Second and no less important: How successful have HOT lanes been elsewhere?
Can the HOT proponents cite examples where HOT lanes alleviated traffic congestion, decreased travel time or made any substantial contribution to efficient high-volume traffic management?
Chris Soto, Woodbridge
DG: Decisions about how interstate highways will be used are made by state legislatures, governors and members of Congress — Americans all. The people we have chosen to represent us don’t want to make investments serious enough to maintain the U.S. transportation system, let alone modernize it.
Americans continue to think of the gas tax as an appropriate way to finance highway maintenance and construction. Yet they resist increases in the gas tax. Virginia, for its part, hasn’t raised the state gas tax in a quarter-century. Steel, asphalt, concrete and labor cost a bit more now.
So are we going to stand on principle and say that we’ve already paid to build and maintain the highway system, despite our growing concerns about traffic congestion?
In this winter’s legislative session, Virginia Gov. Robert F. McDonnell (R) and the General Assembly provided the most recent evidence of our collective decision not to throw any more serious money at the transportation system.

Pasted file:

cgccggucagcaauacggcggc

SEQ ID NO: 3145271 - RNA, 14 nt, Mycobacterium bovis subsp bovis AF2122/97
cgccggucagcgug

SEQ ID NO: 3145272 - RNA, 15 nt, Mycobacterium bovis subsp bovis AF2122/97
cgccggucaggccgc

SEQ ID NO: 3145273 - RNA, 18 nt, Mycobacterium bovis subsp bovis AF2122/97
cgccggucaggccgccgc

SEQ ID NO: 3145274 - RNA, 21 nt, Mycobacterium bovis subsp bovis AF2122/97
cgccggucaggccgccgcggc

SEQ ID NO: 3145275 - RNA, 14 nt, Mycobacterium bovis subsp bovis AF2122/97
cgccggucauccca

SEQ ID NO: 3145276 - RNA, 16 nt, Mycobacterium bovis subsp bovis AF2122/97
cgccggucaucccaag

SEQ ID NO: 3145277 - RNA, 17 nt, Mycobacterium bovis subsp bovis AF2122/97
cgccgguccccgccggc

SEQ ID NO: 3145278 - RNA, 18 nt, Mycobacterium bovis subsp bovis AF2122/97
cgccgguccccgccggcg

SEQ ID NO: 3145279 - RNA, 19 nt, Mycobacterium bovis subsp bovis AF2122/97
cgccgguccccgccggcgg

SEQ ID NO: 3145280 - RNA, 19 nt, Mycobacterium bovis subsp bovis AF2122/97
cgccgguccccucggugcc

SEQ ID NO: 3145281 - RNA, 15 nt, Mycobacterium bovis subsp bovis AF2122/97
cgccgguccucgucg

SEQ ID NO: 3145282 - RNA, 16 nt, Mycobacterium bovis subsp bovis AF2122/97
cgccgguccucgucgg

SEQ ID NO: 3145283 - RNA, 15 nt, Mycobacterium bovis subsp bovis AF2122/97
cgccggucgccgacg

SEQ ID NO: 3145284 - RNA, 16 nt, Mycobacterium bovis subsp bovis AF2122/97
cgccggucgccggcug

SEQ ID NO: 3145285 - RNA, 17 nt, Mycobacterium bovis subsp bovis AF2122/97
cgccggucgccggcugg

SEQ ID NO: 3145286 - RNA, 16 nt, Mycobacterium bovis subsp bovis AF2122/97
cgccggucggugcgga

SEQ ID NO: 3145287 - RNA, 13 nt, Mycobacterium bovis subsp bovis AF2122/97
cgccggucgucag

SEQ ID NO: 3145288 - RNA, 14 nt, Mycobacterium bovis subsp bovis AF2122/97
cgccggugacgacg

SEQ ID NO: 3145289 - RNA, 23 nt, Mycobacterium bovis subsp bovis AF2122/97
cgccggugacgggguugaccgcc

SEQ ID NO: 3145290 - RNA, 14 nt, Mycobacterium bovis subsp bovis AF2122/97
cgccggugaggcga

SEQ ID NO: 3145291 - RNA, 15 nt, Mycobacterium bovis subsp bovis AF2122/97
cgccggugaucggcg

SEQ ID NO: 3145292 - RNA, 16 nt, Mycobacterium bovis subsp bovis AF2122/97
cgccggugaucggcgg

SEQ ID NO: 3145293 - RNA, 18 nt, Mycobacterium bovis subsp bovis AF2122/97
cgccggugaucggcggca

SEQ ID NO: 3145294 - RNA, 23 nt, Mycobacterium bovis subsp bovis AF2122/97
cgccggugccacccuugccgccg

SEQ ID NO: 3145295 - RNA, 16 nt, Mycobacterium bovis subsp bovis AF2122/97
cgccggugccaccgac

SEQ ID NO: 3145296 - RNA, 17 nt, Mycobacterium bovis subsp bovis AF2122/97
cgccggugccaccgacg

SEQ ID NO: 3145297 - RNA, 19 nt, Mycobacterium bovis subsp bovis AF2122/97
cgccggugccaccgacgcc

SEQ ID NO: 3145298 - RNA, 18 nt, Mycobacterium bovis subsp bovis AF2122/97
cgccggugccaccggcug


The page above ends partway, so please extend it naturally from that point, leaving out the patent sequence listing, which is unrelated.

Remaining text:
Meanwhile, what are politicians to do with voters who are upset that it takes so long to get anywhere?
If the states and Congress could finance serious transit improvements without serious investment — if they could make their voters happy as commuters without making them sad as taxpayers — they would have figured it out by now.
Caught in a bind, they’re attracted to this third way of tolling and traffic management on a few highways. It’s not an overall attack on traffic congestion, but it could help in some corridors. (I’m cynical about the political motives but hopeful about the results for travelers.)
I wrote recently about a Government Accountability Office study of HOT lane (also called Express Lane) operations across the nation [Commuter page, Feb. 12]. The report shows that the tolled lanes can be effective at providing more capacity while managing traffic so that drivers get a more reliable trip. They can even help the performance in the untolled lanes.
But it’s not a slam-dunk case: Local leaders as well as federal officials need to monitor whether this tolling concept blooms where it’s planted. Is the traffic flowing more freely because of tolling and traffic management or just because there are extra lanes? Do the HOT lanes move more people or just more cars? Will tolling policies put a priority on moving people or on paying off the road’s bondholders?